164.- Call it a day (Profesor)


Jen: Hello, and welcome to The English We Speak. I’m Jennifer, and with me in the studio is… yawn… Helen.

Helen: Hi Jen… are you a bit tired?

Jen: Oh yes, I really am. I’ve been here since seven this morning – I think I’m ready to call it a day now.

Helen: What do you want to call it? Monday? Tuesday?

Jen: Oh no, I don’t mean…

Helen: How about Saturday? That’s my favourite day. Or we could call it a new day altogether. What about Cake-day! Or Coffee-day.

Jen: I don’t want to rename the day. In English, if you’re ready to call it a day, it means that you want to finish whatever you’re doing – and usually go home.

Helen: So you want to call it a day now? We haven’t finished the programme yet.

Jen: That’s true. In that case, let’s hear some examples of the phrase in action.

  • We’re getting nowhere with this – shall we call it a day and start again tomorrow?
  • I’m getting picked up from work at five, so I think I’d better call it a day.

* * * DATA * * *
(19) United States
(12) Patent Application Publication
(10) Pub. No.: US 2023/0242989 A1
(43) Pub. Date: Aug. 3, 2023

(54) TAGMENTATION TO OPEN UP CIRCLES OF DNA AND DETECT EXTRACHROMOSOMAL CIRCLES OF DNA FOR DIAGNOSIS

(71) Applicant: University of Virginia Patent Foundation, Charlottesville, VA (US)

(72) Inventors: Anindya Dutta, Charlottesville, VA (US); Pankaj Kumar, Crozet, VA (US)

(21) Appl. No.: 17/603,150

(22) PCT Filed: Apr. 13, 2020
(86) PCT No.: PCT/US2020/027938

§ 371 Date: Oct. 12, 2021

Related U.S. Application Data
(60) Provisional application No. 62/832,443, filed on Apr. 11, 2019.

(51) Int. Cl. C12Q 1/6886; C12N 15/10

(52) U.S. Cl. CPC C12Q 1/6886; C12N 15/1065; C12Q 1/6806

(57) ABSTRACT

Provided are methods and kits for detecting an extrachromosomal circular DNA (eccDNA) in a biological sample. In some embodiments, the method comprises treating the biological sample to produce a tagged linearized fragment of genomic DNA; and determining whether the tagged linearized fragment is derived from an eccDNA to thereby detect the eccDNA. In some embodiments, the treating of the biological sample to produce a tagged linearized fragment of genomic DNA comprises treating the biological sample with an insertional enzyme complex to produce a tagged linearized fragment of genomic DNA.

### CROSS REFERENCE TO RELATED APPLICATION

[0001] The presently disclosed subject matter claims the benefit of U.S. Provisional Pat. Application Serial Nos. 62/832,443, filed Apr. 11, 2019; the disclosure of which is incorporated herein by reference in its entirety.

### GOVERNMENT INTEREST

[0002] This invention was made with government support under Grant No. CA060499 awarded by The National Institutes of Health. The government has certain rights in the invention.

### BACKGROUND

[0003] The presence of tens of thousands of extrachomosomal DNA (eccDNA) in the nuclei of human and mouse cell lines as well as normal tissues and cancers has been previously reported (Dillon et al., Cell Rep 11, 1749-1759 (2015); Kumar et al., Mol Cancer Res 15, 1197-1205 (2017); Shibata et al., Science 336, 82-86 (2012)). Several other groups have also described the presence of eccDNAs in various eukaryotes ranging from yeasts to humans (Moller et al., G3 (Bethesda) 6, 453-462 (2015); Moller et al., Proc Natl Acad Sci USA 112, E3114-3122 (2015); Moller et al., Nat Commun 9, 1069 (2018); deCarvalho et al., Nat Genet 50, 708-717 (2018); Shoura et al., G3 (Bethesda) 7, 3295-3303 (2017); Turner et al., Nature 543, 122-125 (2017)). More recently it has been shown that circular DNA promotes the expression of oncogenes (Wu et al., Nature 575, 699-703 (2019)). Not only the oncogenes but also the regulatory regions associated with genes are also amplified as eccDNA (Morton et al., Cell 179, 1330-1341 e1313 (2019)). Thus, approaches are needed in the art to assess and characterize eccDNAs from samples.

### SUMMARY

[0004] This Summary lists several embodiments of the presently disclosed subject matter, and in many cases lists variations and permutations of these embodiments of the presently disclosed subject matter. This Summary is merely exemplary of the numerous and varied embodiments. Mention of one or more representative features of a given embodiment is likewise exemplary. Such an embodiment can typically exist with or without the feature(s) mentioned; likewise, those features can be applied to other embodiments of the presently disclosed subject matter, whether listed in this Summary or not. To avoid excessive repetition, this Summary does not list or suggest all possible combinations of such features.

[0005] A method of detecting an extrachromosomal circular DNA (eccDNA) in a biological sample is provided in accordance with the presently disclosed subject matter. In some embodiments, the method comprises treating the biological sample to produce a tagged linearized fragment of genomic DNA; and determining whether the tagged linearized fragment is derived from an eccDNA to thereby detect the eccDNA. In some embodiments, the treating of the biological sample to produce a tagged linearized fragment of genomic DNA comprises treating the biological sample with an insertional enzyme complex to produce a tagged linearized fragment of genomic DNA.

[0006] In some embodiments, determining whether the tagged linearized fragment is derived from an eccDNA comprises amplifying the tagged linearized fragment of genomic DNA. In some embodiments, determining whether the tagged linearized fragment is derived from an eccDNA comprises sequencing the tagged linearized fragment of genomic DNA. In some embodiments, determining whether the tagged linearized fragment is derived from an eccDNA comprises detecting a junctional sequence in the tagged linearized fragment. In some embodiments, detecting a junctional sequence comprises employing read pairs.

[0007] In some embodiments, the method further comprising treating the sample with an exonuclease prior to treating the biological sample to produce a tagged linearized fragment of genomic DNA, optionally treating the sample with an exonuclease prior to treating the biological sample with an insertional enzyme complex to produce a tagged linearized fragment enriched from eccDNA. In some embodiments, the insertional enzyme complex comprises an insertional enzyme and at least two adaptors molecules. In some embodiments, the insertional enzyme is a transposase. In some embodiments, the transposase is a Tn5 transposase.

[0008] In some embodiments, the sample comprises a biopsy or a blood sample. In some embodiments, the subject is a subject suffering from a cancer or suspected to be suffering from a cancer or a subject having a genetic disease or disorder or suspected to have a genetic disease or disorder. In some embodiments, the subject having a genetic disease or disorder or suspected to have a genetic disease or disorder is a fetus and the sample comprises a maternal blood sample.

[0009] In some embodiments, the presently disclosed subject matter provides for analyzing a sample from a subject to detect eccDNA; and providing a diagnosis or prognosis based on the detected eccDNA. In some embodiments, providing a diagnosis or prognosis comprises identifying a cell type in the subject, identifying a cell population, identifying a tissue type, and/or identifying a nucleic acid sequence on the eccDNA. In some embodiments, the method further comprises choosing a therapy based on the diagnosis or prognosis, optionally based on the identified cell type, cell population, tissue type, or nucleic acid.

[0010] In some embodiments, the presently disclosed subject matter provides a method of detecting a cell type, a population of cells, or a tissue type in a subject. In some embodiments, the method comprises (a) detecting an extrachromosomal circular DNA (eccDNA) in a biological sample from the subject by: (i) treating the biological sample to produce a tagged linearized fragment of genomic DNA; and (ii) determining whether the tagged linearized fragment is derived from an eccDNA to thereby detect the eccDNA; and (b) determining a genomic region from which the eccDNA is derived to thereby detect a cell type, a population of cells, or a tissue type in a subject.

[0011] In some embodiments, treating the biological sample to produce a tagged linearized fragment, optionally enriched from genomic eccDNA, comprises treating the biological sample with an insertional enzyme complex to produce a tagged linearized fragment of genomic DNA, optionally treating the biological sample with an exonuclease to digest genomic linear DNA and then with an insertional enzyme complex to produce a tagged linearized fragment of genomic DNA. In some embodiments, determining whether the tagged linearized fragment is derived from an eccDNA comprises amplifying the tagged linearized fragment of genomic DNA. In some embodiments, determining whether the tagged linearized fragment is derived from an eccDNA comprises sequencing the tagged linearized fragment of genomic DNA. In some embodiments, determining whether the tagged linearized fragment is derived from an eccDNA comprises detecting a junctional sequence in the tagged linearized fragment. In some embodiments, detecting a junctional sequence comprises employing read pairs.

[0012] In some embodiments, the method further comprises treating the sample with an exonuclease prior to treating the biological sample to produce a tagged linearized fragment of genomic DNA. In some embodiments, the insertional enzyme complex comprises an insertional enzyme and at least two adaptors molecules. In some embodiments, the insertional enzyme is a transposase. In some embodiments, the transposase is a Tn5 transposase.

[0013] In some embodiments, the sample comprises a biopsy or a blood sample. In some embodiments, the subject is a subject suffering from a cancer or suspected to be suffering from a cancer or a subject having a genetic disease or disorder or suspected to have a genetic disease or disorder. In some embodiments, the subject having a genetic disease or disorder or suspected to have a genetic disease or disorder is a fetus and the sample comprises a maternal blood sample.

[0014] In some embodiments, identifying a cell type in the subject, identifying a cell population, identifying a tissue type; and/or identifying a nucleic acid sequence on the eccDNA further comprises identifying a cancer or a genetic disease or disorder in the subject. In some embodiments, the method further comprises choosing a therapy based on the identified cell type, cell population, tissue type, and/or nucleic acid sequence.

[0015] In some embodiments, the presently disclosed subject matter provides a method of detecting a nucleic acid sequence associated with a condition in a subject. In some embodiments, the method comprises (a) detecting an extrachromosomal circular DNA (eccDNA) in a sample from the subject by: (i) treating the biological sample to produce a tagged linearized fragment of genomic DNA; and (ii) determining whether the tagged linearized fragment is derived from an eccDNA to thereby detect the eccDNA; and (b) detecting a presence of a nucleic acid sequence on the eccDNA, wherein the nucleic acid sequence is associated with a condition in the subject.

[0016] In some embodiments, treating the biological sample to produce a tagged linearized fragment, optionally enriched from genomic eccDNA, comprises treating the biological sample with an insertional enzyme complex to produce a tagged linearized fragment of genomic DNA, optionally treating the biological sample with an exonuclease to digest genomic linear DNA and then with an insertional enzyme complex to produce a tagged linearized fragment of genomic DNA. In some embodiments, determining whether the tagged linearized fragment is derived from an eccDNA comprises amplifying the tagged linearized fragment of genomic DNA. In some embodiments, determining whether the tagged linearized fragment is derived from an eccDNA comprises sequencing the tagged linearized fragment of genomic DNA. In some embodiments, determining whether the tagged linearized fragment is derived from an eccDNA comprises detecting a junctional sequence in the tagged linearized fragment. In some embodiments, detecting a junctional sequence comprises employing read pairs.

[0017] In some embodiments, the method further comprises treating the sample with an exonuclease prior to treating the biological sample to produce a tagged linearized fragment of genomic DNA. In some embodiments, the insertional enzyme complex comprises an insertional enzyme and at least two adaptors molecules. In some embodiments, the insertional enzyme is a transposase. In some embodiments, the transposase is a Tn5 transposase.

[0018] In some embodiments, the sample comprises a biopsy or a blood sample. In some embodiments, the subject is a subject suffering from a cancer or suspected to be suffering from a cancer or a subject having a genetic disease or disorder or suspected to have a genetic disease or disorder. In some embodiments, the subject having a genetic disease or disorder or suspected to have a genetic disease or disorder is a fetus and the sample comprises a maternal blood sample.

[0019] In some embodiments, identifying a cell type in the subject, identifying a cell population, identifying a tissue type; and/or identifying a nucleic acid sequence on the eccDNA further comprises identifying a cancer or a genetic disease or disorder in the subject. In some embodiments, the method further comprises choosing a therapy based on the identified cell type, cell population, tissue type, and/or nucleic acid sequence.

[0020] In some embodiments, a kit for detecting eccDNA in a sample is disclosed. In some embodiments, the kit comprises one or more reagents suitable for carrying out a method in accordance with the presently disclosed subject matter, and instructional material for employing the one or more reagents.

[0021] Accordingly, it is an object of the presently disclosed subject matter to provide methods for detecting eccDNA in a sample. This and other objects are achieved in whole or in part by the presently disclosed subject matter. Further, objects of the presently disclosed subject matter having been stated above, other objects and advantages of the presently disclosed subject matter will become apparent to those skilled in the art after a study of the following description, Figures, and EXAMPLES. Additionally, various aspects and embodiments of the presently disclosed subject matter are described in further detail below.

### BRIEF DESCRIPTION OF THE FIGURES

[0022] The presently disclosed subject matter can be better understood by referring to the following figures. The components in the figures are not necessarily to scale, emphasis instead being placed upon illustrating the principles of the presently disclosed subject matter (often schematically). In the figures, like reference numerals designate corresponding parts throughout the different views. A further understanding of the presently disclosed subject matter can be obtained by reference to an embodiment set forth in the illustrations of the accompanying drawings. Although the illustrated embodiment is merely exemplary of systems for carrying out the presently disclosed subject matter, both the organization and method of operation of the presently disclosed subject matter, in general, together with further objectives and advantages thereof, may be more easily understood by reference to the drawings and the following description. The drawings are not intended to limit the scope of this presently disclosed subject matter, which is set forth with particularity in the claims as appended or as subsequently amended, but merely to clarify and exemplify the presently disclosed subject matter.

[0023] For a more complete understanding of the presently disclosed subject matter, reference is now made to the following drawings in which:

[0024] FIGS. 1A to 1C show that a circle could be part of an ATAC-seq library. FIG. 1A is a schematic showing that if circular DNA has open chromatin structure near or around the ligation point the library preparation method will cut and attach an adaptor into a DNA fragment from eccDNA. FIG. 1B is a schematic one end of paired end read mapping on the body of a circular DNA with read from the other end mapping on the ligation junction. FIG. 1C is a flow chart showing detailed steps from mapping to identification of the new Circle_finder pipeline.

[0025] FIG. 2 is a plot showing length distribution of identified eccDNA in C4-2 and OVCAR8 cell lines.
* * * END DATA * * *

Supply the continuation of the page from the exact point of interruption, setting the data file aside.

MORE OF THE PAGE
Helen: I see… so if you call it a day, you decide that it’s time to finish the work you’re doing.

Jen: That’s right, so let’s call it a day right now.

Helen: Alright then. Do you fancy a quick drink after work?

Jen: Well, I’m feeling pretty tired, but I suppose I could come out for one drink.

Helen: Let’s go then!

Voice: Some time later…

(Nightclub music)

Helen: Jen, look at the time – we’ve been here seven hours!

Jen: I know! I don’t know where the evening went. It’s probably time to call it a night.

Helen: I thought the phrase was ‘call it a day’?

Jen: We can also say ‘call it a night’ if you’ve been somewhere in the evening and you know it’s time to go home.

Helen: Well, I definitely think that you need to call it a night, then. Although look…

Jen: What?

Helen: The sun is coming up already. We’ve been out on the town all night. Perhaps we should call it a day instead?

Jen: That means it’s nearly time for work again! Can I call in sick, please?

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